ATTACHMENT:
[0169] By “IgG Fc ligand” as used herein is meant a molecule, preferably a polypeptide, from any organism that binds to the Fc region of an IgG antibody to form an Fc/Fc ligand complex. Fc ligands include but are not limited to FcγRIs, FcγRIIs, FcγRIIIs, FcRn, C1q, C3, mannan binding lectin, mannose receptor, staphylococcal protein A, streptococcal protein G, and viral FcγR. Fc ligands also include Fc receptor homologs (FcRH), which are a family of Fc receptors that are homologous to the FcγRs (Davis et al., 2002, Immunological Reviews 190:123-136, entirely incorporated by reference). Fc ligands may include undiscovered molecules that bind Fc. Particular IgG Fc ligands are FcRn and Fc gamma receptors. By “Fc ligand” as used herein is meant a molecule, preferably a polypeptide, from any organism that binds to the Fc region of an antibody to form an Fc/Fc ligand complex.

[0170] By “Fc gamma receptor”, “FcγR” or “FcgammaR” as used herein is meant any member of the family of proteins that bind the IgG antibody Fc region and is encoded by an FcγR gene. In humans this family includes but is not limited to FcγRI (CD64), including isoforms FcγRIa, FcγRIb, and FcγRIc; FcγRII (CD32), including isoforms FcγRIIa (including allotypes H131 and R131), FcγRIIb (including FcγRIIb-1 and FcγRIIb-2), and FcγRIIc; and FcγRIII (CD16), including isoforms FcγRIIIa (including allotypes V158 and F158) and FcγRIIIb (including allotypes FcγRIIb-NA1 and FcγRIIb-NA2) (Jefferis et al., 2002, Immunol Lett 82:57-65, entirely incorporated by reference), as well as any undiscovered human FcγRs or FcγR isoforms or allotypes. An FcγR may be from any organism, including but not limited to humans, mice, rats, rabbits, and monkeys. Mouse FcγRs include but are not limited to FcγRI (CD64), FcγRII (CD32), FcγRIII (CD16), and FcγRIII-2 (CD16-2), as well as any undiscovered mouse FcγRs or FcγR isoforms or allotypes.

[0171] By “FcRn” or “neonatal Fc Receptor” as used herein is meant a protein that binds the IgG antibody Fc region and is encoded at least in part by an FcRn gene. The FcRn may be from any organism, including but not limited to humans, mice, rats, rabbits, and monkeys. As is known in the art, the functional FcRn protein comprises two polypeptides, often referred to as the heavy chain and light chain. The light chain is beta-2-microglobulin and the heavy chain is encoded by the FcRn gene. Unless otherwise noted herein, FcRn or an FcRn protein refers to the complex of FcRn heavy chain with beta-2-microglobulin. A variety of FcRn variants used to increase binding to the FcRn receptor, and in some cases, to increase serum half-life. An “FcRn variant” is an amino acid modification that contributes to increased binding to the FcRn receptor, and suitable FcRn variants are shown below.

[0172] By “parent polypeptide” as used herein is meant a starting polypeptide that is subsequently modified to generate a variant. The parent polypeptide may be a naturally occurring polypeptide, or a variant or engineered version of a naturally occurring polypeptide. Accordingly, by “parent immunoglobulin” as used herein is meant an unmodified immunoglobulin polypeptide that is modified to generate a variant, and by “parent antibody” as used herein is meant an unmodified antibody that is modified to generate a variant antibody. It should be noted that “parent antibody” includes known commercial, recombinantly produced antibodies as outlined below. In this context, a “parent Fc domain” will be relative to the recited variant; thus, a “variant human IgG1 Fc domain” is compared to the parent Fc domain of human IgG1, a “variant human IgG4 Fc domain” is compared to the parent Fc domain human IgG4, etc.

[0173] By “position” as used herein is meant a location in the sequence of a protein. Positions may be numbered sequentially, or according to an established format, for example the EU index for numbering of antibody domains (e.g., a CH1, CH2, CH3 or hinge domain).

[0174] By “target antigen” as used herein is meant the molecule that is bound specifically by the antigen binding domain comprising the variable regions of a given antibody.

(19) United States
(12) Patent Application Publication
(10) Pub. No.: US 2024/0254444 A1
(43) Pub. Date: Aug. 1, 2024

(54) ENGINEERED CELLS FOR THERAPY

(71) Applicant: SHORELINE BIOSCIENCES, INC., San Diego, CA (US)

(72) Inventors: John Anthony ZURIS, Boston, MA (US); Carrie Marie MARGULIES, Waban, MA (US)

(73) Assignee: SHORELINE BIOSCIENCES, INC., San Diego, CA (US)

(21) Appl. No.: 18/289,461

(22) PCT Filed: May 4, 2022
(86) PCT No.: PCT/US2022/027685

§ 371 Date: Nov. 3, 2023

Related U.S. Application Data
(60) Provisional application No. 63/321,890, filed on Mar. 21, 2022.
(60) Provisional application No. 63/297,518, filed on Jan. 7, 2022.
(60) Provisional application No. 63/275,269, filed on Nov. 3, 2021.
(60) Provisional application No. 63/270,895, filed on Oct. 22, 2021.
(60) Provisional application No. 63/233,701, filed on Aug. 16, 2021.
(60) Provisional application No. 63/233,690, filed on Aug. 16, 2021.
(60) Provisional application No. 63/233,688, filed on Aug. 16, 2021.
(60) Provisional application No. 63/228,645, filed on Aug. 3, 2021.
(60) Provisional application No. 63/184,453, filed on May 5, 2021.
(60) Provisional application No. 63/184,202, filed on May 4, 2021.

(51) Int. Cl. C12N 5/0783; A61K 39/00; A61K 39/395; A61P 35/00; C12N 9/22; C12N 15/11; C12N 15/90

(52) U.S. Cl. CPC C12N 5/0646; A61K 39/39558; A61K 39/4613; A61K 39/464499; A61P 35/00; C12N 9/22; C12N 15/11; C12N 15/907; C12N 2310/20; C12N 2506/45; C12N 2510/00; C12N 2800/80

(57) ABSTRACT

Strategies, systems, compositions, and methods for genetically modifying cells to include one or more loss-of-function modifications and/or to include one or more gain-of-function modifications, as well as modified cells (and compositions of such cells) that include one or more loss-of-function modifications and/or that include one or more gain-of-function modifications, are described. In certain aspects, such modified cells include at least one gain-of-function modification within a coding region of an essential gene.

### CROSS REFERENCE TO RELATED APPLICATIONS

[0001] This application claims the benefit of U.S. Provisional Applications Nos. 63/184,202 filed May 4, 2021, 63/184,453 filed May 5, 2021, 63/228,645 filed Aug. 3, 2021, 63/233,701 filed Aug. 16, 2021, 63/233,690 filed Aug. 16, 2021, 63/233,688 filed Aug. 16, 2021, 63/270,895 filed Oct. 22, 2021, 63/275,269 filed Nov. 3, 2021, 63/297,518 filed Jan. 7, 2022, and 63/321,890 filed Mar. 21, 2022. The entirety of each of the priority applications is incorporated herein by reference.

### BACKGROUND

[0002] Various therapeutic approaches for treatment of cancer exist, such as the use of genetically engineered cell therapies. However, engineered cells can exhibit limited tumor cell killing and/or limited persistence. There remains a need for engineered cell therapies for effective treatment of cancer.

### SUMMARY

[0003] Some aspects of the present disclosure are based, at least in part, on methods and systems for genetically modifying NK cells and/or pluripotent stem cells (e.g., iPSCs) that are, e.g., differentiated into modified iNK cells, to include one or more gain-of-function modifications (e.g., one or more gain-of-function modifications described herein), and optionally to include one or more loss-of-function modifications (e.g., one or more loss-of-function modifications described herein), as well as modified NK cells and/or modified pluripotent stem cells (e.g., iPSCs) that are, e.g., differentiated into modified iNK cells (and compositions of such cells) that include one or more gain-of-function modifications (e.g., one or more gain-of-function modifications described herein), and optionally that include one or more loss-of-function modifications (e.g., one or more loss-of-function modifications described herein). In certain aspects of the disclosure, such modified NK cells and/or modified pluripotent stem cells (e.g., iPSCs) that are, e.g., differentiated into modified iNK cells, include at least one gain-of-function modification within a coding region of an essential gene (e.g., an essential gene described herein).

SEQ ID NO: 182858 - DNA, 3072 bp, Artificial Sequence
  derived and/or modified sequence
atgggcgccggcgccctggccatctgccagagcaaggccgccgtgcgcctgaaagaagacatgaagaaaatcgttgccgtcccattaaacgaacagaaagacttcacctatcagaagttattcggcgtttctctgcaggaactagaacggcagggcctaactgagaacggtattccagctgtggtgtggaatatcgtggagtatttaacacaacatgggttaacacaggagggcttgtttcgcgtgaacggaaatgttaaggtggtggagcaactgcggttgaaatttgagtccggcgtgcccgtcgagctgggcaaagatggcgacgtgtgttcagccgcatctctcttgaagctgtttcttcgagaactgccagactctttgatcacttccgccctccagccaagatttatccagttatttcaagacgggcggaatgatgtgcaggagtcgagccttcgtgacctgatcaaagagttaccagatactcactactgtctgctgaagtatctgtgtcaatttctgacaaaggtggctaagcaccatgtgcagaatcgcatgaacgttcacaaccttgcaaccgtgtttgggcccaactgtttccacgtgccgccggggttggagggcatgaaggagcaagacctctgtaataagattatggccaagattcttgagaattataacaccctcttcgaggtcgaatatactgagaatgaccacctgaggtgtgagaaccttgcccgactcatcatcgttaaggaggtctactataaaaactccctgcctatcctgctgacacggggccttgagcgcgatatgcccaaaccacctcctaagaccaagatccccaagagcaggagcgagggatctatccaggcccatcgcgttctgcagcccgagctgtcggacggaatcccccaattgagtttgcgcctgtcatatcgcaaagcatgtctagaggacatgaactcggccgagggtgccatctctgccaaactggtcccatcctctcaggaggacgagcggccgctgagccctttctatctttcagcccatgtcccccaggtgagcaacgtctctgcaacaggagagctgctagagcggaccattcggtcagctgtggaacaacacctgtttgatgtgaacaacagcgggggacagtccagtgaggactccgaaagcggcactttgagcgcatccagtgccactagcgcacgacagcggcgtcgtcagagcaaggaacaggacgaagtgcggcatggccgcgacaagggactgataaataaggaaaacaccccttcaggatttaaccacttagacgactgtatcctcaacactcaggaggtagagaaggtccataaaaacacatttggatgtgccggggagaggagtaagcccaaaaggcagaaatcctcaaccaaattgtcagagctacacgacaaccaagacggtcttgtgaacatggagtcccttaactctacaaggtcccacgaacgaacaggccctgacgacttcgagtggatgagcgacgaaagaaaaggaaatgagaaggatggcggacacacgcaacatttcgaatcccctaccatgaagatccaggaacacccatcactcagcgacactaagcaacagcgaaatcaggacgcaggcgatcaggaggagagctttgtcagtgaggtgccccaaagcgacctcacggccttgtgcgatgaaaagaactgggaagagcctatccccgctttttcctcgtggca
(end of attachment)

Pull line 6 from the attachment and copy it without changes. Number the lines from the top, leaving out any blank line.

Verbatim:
[0174] By “target antigen” as used herein is meant the molecule that is bound specifically by the antigen binding domain comprising the variable regions of a given antibody.